By John Krautzel (from Beyond.com)
If you have ever been laid off, you know how hard it is to handle a job loss. You might be tempted to spend weeks wondering if your work wasn’t up to snuff, but a better way to spend your time is to network with people in your industry and brush up on your skills. Here are several ways a layoff can help you choose the right career path.
Although job loss is often a painful experience, it might be just the thing you need to find a better job or figure out that you want to switch careers. If you were afraid to leave your job due to the generous salary or comprehensive benefits package, a layoff takes the decision out of your hands and forces you to consider other employers. If you find a job that makes you happier, your unexpected job loss may turn out to be a gift instead of a burden.
It’s difficult to focus on goals when you are constantly worried about meeting deadlines or keeping your boss happy. Being laid off gives you the time you to explore your interests and decide if you want to pursue a career change. Whether you want to start your own business or work your way up the corporate ladder, an unexpected job loss gives you time to set goals and do everything necessary to reach those goals.
If you aren’t entirely sure you want to continue on the career path you’ve established, a layoff can help you make new professional connections and learn skills relevant to another field. Instead of watching television or spending hours surfing the Web, use your time to attend networking meetings or take classes. Participating in these activities can help you strengthen your resume, giving you a better chance of landing interviews when you are ready to look for a new job.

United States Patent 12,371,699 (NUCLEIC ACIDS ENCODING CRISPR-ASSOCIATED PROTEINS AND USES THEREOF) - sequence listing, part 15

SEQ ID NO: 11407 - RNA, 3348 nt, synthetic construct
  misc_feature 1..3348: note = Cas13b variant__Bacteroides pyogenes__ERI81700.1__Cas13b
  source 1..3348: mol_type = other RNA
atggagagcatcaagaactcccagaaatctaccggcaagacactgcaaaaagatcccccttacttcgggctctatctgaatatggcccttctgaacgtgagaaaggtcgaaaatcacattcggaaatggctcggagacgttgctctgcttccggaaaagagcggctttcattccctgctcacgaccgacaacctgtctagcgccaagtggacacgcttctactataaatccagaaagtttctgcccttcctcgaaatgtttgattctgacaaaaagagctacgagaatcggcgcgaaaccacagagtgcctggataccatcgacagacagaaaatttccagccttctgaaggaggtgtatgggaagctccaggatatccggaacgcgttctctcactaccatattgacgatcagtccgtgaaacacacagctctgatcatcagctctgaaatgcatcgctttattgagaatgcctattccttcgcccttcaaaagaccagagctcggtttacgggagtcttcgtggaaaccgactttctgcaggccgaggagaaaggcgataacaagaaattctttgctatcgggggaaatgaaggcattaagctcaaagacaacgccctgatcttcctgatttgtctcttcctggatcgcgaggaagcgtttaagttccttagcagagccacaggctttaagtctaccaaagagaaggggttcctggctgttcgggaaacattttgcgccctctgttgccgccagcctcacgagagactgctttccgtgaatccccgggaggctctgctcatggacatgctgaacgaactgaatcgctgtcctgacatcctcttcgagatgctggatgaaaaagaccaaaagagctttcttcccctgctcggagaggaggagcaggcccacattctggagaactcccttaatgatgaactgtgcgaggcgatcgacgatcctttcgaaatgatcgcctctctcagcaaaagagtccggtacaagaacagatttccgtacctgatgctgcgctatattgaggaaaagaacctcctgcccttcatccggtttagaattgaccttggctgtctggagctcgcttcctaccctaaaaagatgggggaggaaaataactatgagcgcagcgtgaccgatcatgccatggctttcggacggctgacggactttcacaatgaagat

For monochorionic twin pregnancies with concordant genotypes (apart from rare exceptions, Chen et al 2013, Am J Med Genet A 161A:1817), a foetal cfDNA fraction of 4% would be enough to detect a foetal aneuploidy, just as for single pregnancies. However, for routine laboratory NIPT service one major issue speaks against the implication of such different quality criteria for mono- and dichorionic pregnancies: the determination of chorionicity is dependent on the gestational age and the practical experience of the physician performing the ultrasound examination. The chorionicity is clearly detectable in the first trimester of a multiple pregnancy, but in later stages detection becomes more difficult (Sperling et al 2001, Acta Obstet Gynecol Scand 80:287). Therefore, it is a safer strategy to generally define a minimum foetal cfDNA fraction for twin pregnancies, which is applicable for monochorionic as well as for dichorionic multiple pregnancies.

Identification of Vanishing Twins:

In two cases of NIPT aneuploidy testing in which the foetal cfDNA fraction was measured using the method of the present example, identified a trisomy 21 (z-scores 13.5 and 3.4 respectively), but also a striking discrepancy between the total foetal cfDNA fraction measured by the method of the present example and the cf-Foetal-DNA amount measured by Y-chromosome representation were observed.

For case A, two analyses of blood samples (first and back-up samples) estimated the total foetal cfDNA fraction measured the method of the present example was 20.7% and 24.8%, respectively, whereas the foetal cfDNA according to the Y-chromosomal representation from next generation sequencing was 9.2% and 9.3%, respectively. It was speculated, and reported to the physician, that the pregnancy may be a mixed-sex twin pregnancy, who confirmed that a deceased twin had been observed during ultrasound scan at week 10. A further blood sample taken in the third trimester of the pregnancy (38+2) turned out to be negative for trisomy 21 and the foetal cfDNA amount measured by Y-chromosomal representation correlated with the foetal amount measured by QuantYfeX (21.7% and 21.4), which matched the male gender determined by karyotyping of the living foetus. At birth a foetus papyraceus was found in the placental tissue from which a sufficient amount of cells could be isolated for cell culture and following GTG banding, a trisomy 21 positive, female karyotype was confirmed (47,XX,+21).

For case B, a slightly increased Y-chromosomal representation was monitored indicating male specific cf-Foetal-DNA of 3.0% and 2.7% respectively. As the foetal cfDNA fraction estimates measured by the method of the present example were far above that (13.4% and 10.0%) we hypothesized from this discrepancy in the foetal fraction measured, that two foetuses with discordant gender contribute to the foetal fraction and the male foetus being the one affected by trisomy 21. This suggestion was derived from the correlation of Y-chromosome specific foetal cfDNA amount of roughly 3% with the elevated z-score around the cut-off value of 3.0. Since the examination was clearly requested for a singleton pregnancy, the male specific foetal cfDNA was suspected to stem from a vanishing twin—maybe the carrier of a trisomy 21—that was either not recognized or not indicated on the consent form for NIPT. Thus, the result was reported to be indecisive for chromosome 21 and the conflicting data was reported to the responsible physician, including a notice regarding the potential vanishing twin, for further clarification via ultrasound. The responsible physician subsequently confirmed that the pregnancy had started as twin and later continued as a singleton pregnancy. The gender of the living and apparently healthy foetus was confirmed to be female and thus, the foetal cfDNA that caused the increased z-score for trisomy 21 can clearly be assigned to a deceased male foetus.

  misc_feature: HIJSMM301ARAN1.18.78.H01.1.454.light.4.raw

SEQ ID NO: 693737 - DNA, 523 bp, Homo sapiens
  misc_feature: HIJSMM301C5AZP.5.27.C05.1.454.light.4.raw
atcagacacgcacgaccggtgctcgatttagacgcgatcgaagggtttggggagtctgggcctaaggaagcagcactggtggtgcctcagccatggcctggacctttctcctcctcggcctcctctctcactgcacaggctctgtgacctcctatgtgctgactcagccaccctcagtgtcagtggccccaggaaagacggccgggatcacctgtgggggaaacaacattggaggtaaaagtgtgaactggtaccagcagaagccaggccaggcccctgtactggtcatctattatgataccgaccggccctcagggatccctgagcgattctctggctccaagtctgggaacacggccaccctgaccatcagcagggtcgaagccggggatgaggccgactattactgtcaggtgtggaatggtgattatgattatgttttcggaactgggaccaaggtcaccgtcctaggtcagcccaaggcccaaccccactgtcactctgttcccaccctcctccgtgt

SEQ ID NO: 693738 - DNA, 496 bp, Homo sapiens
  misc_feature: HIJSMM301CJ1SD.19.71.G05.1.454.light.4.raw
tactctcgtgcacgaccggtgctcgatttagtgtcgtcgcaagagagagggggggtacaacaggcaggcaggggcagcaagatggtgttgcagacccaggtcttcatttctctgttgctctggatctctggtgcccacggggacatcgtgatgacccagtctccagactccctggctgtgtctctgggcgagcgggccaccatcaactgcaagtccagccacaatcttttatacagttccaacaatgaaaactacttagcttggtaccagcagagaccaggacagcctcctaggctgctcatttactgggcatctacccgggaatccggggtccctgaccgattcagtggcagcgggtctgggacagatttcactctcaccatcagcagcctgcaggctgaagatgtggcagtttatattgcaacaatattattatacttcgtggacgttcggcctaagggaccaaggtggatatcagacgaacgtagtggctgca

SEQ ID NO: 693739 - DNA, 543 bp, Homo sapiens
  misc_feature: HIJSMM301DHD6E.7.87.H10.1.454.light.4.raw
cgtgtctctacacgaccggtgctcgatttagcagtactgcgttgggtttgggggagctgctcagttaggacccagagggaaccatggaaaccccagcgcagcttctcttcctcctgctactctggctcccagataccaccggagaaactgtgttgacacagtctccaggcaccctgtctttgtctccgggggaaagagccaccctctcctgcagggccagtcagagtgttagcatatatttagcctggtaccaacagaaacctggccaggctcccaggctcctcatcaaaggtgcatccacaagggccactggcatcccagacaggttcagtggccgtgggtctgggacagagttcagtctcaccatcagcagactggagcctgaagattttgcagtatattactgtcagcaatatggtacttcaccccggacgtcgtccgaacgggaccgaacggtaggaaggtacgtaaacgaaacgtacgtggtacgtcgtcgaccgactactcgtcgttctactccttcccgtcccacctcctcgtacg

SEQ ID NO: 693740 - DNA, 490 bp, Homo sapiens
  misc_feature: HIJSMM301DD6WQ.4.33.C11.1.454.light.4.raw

Managers often take several factors into account when determining who should be let go during a layoff. One of those factors is your ability to stay up-to-date on developments in your field. If you were let go from a job you loved, your layoff might be a sign that you need to take additional classes or obtain a professional certification in your field. If you recently suffered a job loss, don’t let it keep you from developing new skills.
The weeks immediately following a layoff are ideal for self-reflection. If your manager said you were laid off because of mistakes you made on the job, think about ways to avoid those mistakes in the future. Remember that mistakes aren’t always a bad thing, especially if you view them as learning opportunities.
Almost no one enjoys being laid off, but a job loss doesn’t have to end your career.
Instead of focusing on your old job, take time to develop new skills, build your professional network and do everything you can to improve your career.
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